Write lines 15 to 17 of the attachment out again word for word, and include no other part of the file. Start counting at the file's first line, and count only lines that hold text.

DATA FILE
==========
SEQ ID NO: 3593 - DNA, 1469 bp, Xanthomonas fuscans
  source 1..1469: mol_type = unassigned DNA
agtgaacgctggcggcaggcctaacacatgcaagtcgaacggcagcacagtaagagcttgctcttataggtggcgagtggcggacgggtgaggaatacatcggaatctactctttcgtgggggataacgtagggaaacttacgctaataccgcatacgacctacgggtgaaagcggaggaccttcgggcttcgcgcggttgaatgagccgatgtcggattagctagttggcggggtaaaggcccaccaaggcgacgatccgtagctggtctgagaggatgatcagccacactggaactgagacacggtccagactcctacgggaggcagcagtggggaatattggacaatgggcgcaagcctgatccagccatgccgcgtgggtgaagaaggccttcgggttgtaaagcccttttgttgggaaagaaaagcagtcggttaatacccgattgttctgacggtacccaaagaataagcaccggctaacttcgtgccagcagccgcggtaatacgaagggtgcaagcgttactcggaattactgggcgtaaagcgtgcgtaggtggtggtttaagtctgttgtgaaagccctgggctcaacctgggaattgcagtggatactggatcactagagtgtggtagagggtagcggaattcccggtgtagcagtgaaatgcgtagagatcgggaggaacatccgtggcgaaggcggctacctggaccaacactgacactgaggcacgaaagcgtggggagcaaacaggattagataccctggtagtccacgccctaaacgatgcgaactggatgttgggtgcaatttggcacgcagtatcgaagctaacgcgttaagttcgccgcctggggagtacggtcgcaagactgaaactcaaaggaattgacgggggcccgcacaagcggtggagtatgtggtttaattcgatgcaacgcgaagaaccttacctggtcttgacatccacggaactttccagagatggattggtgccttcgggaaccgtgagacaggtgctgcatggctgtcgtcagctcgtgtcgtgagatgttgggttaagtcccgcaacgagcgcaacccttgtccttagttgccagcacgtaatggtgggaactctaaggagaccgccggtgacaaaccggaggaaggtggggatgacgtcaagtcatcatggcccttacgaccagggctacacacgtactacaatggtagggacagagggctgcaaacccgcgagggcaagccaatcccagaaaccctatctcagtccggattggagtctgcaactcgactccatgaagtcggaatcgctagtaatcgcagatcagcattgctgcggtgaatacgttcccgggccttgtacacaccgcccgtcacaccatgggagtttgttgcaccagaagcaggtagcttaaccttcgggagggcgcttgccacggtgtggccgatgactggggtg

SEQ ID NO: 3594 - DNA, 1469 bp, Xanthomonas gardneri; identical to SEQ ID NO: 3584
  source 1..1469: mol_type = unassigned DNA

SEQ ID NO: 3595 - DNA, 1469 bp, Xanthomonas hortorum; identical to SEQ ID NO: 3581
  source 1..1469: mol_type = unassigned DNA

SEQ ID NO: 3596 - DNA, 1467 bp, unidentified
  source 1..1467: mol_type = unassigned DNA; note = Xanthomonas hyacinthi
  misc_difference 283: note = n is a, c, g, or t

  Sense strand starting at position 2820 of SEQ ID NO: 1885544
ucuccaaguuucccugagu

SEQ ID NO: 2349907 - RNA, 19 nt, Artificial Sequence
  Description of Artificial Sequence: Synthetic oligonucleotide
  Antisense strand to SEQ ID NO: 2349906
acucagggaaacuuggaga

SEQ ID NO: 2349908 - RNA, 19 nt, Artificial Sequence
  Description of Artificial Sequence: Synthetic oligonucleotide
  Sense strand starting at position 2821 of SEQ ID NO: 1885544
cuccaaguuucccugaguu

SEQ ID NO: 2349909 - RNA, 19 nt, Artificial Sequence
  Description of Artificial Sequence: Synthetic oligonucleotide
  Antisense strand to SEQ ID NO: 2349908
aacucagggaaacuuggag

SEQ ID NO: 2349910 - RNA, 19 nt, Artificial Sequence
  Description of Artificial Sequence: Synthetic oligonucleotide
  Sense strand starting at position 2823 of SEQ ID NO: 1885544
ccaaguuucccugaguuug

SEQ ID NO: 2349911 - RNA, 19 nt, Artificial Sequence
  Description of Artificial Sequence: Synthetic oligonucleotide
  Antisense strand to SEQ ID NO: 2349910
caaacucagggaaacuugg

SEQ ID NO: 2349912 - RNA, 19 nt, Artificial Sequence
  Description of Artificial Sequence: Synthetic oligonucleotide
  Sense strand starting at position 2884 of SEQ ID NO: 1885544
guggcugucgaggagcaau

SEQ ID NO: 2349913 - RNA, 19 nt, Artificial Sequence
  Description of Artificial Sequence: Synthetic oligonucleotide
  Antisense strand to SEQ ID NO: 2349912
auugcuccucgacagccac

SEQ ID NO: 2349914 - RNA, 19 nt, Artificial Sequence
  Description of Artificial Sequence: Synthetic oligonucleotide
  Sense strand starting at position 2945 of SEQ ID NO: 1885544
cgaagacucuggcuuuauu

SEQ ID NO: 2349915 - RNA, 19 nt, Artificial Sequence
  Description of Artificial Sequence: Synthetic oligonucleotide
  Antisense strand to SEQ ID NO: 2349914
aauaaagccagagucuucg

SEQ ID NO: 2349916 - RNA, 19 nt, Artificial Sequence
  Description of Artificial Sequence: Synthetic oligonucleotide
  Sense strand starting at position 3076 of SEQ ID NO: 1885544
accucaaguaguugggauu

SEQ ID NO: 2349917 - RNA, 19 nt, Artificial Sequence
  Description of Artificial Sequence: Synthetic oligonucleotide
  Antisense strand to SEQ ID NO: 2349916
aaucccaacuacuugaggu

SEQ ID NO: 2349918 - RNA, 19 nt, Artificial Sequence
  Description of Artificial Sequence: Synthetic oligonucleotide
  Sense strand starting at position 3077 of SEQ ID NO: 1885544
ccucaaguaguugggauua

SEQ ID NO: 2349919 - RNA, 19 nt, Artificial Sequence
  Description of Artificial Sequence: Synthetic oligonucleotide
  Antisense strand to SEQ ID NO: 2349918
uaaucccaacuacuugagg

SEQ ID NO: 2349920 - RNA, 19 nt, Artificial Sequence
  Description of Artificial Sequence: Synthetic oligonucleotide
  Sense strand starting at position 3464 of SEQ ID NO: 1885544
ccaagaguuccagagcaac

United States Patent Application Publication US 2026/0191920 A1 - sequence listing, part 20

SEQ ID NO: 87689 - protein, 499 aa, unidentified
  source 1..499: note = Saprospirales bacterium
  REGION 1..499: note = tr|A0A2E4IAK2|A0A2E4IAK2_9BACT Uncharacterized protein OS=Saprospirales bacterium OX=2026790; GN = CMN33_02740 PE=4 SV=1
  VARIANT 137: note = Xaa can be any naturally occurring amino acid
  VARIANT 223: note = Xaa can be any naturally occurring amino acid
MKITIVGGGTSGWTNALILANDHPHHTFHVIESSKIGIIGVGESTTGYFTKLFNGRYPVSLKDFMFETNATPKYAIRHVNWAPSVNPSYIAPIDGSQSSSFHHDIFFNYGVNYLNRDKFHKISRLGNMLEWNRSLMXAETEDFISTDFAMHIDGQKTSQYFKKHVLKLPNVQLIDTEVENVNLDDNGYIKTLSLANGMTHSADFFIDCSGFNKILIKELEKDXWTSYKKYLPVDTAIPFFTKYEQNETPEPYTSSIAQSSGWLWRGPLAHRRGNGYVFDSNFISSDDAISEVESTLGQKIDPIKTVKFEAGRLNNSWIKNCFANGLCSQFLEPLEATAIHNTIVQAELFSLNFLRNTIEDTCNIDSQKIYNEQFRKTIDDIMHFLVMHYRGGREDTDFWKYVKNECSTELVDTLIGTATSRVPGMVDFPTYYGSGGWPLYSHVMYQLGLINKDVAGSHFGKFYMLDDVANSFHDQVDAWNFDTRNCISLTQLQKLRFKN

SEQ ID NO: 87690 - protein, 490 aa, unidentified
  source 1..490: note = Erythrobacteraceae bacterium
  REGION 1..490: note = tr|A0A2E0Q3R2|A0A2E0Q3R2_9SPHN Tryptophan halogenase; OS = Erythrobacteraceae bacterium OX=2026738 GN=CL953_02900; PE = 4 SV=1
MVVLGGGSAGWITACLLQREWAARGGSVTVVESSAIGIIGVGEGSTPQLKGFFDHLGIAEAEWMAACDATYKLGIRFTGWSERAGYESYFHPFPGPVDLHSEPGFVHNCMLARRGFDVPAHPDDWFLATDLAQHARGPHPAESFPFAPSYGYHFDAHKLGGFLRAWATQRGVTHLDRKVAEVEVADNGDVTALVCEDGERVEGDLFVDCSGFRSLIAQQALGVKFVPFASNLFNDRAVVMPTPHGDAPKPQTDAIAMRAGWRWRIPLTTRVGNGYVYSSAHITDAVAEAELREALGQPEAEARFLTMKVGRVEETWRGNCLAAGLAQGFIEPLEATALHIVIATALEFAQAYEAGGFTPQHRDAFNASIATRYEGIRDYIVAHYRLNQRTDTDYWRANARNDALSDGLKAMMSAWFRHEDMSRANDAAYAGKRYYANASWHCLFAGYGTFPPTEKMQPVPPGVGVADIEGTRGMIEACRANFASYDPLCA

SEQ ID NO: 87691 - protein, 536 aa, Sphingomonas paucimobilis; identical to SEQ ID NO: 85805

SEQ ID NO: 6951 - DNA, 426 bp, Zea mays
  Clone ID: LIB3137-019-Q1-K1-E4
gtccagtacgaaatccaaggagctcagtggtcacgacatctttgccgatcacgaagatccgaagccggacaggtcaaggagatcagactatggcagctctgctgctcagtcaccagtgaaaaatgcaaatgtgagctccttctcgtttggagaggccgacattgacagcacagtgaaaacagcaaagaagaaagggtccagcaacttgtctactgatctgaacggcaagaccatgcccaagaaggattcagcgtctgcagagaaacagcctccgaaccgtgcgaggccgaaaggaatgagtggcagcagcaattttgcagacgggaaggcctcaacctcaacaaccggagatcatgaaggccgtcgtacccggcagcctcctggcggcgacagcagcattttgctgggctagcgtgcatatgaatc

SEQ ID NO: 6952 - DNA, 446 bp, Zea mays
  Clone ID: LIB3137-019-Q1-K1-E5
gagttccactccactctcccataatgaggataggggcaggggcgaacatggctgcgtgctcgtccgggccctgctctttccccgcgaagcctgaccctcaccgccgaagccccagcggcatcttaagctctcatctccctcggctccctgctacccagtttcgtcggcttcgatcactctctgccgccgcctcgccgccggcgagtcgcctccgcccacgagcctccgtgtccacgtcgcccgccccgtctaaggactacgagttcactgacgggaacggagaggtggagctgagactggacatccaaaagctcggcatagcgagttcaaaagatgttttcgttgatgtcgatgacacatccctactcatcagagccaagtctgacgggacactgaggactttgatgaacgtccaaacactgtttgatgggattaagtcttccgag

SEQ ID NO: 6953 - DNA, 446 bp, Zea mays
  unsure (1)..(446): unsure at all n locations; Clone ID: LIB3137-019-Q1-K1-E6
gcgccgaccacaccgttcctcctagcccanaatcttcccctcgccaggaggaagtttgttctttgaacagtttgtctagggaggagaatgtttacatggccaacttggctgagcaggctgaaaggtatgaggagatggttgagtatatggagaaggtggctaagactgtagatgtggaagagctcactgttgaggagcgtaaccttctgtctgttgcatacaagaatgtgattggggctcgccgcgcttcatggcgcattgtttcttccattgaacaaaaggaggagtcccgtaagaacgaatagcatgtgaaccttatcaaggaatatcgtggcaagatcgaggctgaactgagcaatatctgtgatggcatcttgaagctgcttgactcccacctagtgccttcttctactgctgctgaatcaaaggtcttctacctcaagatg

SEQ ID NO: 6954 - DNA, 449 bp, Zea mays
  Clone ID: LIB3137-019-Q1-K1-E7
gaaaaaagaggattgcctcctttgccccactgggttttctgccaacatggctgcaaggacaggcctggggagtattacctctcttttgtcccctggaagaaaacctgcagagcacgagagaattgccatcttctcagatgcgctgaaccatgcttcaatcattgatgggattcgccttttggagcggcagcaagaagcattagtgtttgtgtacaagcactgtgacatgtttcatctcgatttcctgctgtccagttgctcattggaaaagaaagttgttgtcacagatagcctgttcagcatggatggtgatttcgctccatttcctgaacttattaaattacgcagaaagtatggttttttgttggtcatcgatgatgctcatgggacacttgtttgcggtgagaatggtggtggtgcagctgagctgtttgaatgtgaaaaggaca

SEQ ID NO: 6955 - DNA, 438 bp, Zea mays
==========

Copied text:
  Antisense strand to SEQ ID NO: 2349906
acucagggaaacuuggaga

SEQ ID NO: 2349908 - RNA, 19 nt, Artificial Sequence